I’ll be the first person to say that I love optimising my life. I’ve spent over a decade mastering David Allen’s Getting Things Done productivity system, and tried-and-true lifehacks like email batching, meal planning, and habit stacking are all essential parts of my day-to-day existence.
But I don’t optimise my life to get more work done: I optimise my life to give myself more time for rejuvenation.
Yes, I’ll admit that when I first started working as a freelancer, I put in the time to learn how to be more efficient at the pitching, writing, and administrative work that makes up a typical workday. And sure, I took some of that time I saved and used it to write additional articles and land new clients.
But at a certain point, the most valuable thing I could do with my free time was spend it on myself and the people I cared about.
And when I spend my time on myself, well, sometimes it looks like I’m doing nothing.
Sometimes it literally looks like I’m staring out the window, or watching the flames on the candle that I light as part of my work shutdown ritual (it’s an effective way to turn my studio apartment from a work space to a home space).
I call that type of nothing-doing “meditating” when I want to justify it to other people, but I’m not actually trying to calm or control my own thoughts. I’m trying to listen to them. Basically, I’m sitting very still and thinking about whatever I want and enjoying the company of my own mind.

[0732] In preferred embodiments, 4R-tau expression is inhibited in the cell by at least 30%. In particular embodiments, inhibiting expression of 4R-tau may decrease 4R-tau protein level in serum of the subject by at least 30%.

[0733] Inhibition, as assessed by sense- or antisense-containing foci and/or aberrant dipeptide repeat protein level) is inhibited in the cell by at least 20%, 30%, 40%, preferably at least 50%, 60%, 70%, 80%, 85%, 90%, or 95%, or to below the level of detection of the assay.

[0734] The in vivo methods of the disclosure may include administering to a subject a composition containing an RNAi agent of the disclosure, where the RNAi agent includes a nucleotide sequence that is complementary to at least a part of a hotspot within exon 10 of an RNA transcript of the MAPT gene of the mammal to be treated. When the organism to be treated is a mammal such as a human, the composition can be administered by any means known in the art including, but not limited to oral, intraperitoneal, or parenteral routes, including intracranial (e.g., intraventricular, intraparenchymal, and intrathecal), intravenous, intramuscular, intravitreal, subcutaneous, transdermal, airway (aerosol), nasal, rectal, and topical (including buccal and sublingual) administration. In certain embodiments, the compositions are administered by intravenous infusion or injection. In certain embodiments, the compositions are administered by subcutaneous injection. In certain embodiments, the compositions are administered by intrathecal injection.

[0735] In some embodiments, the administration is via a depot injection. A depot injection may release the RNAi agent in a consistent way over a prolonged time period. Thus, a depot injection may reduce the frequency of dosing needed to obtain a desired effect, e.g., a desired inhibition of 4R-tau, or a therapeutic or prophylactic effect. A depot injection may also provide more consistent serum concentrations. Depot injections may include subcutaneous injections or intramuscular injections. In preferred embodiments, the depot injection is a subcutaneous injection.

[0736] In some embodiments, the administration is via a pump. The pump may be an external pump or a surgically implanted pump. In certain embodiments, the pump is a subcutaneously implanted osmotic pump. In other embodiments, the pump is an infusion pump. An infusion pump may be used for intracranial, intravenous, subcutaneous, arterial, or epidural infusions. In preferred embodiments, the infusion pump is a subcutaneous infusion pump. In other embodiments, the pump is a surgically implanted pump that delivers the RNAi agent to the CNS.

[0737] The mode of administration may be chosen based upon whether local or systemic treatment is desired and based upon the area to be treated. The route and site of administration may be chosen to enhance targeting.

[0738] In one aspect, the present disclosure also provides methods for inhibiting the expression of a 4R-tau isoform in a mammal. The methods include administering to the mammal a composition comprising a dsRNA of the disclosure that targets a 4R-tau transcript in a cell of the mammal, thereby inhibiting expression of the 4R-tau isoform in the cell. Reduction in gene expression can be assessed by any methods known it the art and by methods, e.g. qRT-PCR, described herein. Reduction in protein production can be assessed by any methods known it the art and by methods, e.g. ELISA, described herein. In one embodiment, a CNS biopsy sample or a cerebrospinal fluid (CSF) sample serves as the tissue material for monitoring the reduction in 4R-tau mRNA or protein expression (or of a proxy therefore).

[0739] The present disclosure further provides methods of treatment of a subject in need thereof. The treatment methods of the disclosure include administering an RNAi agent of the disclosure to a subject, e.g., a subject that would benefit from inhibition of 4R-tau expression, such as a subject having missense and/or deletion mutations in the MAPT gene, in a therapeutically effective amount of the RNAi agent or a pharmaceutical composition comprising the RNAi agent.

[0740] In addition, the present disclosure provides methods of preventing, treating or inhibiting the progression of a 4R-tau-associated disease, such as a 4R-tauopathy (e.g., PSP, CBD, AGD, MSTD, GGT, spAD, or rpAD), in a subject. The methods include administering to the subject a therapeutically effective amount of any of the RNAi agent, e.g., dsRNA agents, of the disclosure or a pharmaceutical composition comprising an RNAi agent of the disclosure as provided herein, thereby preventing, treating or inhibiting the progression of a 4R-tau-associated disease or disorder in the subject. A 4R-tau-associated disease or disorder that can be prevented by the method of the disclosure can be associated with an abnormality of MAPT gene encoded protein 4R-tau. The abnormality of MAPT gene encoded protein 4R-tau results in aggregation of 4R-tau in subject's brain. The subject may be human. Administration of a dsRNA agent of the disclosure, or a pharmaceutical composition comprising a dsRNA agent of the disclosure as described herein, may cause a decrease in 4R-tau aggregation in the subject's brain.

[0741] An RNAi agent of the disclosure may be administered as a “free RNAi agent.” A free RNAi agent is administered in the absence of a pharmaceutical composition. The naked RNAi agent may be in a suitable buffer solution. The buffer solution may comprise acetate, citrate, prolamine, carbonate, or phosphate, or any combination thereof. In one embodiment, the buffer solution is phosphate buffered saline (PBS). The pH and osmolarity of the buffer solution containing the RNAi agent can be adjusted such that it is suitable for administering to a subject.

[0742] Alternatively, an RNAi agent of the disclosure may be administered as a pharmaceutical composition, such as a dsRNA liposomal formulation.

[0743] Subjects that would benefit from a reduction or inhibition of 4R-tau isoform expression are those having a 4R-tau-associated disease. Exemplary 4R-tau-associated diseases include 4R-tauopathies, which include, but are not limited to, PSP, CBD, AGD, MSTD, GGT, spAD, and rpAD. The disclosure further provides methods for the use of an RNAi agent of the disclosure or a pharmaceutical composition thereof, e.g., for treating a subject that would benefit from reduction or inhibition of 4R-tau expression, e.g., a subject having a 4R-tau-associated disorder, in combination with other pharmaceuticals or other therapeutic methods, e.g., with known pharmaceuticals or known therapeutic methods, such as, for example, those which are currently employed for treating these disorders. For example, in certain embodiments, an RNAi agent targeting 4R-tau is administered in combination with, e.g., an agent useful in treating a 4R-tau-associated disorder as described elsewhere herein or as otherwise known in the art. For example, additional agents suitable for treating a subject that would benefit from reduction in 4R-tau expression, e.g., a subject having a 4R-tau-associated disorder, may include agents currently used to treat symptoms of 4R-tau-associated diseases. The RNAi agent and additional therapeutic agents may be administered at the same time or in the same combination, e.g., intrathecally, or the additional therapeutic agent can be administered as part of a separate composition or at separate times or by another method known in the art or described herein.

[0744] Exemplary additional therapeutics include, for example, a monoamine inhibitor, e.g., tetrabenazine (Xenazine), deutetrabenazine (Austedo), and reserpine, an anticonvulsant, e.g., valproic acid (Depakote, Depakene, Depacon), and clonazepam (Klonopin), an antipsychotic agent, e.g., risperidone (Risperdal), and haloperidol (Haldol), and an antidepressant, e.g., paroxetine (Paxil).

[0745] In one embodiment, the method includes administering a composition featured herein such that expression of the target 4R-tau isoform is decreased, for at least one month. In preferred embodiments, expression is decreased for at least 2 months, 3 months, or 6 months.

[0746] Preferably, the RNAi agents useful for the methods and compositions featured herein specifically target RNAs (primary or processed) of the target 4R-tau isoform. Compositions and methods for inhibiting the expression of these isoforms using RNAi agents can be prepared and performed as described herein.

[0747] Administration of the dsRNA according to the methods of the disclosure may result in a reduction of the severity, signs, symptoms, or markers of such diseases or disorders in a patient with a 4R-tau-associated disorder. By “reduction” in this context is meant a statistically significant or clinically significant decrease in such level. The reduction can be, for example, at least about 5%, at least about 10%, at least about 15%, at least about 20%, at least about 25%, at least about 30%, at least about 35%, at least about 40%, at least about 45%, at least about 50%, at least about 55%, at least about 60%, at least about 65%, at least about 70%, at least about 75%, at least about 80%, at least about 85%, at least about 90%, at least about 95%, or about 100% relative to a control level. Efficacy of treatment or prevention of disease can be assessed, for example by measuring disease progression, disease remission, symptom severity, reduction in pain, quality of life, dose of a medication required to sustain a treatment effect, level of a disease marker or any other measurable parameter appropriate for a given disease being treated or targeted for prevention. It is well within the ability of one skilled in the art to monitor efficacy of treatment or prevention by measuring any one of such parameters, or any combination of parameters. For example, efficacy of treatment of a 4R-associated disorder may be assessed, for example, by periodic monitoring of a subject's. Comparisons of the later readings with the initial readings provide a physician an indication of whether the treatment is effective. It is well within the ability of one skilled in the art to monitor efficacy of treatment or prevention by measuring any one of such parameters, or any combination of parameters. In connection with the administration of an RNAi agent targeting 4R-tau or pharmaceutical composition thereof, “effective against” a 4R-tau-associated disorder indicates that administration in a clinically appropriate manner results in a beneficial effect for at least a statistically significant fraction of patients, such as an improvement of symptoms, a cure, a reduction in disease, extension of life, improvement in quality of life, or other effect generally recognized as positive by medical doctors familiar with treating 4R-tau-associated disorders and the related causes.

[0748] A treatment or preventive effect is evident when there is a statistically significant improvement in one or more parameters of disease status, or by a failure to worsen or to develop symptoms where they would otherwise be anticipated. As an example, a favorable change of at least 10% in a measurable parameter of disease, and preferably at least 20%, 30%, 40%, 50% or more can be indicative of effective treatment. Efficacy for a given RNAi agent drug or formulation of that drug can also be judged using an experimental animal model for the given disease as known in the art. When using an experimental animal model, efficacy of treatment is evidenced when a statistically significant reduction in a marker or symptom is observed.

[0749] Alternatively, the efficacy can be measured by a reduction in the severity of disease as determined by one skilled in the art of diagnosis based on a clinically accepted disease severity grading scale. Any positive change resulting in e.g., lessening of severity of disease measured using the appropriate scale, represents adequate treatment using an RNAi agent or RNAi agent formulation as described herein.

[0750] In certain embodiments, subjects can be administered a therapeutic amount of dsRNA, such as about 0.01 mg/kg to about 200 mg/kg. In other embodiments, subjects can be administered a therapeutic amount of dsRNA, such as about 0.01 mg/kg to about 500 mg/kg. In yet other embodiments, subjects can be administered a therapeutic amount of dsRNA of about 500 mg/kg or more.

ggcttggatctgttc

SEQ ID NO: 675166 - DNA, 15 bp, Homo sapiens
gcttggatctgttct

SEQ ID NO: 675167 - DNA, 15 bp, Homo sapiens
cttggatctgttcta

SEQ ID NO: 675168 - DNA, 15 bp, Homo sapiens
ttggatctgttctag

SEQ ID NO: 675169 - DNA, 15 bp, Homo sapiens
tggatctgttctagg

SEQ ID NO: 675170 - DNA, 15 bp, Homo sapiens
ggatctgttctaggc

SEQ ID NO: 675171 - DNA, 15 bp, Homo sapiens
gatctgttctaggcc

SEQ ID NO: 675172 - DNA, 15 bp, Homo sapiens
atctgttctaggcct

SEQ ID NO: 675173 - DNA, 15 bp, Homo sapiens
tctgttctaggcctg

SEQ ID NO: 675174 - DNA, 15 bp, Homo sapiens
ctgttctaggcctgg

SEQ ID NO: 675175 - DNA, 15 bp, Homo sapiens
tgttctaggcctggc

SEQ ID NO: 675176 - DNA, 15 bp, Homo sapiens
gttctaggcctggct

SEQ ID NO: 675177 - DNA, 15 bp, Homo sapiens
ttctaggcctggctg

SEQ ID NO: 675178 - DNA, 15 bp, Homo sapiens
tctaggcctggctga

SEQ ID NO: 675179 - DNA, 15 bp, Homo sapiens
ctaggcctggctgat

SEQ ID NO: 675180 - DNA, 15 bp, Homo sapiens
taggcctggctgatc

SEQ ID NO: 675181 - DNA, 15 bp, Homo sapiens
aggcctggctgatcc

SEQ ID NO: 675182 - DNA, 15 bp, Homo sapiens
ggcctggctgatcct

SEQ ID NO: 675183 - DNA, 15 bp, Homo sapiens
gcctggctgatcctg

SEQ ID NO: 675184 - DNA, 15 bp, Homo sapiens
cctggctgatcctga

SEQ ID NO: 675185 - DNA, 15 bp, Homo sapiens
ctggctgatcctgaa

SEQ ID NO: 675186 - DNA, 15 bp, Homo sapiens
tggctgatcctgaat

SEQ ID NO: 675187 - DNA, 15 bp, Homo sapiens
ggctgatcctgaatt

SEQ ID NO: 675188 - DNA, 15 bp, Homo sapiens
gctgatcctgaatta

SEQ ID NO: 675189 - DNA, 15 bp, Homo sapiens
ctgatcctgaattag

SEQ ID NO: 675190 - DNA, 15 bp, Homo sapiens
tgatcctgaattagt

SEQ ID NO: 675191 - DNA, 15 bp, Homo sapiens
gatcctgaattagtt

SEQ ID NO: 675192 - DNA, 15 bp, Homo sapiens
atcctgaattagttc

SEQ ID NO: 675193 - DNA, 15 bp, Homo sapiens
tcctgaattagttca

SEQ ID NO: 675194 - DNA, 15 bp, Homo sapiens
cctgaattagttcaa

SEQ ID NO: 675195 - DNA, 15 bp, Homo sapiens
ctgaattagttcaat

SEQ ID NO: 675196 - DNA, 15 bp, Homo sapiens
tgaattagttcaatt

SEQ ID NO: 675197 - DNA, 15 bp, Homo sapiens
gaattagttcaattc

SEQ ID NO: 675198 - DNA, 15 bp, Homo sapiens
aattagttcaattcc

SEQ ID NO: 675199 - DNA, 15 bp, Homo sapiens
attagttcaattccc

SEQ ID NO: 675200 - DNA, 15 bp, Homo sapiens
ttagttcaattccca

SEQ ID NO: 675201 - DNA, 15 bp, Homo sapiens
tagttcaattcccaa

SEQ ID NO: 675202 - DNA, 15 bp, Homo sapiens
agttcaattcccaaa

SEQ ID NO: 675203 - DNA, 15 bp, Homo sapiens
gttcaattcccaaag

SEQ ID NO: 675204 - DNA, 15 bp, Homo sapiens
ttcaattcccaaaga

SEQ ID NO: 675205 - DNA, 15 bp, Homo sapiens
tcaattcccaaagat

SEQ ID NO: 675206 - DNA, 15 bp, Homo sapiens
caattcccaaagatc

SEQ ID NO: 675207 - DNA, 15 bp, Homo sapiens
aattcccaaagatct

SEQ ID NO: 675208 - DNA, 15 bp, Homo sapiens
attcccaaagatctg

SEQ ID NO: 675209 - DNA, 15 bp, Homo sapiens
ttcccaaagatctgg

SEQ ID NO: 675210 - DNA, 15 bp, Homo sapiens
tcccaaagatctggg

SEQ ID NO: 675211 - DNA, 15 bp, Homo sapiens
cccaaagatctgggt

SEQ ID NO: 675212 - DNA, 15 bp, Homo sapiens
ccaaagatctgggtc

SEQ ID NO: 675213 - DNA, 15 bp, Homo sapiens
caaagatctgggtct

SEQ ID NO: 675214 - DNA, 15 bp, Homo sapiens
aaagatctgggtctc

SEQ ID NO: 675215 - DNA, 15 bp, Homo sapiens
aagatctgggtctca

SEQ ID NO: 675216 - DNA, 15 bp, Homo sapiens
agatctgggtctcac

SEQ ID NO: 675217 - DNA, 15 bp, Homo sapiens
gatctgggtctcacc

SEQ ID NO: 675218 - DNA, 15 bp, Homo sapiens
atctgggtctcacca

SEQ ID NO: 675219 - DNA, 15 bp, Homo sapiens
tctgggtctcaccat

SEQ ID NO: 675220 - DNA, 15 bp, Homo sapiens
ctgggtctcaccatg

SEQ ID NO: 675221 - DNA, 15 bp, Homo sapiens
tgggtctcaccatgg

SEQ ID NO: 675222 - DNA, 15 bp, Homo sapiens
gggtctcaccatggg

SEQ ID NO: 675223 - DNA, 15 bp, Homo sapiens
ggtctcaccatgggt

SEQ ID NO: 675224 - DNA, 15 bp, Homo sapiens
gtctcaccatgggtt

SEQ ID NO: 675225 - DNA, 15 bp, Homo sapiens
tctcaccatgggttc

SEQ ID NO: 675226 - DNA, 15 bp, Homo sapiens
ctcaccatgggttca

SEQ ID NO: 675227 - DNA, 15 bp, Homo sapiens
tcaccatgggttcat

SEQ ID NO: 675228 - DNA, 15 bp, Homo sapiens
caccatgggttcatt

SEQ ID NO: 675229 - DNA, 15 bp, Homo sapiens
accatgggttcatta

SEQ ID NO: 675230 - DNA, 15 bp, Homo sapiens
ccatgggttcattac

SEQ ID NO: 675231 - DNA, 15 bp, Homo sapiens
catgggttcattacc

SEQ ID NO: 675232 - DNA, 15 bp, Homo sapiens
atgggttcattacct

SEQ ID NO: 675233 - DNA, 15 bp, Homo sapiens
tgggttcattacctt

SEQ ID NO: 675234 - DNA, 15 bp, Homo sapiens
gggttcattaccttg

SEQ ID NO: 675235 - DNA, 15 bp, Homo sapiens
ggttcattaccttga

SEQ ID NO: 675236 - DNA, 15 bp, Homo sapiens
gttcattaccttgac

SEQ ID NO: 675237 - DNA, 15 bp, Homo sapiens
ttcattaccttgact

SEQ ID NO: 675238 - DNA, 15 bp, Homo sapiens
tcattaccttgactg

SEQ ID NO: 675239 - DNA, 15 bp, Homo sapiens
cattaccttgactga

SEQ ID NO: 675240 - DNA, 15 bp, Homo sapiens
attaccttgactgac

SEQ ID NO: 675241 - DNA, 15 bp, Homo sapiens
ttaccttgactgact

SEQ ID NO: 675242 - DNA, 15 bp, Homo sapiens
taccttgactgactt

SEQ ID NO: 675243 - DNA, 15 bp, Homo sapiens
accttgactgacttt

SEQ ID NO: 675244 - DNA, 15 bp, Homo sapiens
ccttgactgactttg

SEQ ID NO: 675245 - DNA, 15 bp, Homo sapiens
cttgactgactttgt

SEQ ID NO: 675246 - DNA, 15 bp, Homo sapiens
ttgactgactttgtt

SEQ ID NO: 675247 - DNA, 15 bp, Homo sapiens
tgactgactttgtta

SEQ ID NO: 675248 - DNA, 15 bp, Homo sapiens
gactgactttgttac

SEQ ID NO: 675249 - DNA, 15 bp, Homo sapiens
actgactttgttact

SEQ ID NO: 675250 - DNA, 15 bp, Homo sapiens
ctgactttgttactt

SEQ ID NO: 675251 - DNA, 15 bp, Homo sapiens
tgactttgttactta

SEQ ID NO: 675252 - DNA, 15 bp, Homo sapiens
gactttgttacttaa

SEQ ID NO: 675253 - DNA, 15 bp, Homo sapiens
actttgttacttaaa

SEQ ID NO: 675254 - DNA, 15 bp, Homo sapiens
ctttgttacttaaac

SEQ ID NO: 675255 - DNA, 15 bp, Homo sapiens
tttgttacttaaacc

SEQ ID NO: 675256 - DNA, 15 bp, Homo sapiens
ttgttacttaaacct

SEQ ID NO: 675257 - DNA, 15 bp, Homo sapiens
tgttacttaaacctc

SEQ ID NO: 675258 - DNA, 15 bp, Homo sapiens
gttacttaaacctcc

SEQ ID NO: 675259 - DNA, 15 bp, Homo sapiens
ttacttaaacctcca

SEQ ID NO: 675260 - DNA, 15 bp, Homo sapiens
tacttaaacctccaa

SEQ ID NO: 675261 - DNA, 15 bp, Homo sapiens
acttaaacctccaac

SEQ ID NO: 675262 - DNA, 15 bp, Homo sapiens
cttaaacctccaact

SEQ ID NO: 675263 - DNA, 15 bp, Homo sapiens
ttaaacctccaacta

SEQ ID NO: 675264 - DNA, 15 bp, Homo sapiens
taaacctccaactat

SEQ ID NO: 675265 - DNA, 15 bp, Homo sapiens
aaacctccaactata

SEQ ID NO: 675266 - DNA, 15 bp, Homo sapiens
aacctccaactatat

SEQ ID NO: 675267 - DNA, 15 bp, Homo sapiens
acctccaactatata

Which means that I identified very strongly with this recent tweet from author Rainesford Stauffer:
I feel like, in the age of optimization, self-improvement, and side hustles, "wasting" time might be the most valuable thing we could do? I interviewed an expert who studied self-care and they literally said "staring into space" was beneficial. https://t.co/O0i4Z3LHnH
— Rainesford Stauffer (@Rainesford) February 24, 2020
It also put me in mind of one of my favourite quotes from one of my favourite books as a child: Frank B. Gilbreth and Ernestine Gilbreth Carey’s Cheaper by the Dozen, which is the true story of 12 children growing up in a household run by an efficiency expert:
Someone once asked Dad: “But what do you want to save time for? What are you going to do with it?”
“For work, if you love that best,” said Dad. “For education, for beauty, for art, for pleasure.” He looked over the top of his pince-nez. “For mumblety-peg, if that’s where your heart lies.”
So, listen: Of course it makes sense to make a bunch of food at once and then freeze it in individual portions, if you’re the kind of person who doesn’t want to spend part of every evening cooking. But you don’t have to use the time you save to be extra-productive at something else. You can spend it staring at a candle or having a conversation with a family member or even checking social media feeds on your phone, if that’s what you really want to do.
Because the end goal of lifehacking is more life. Not more lifehacking.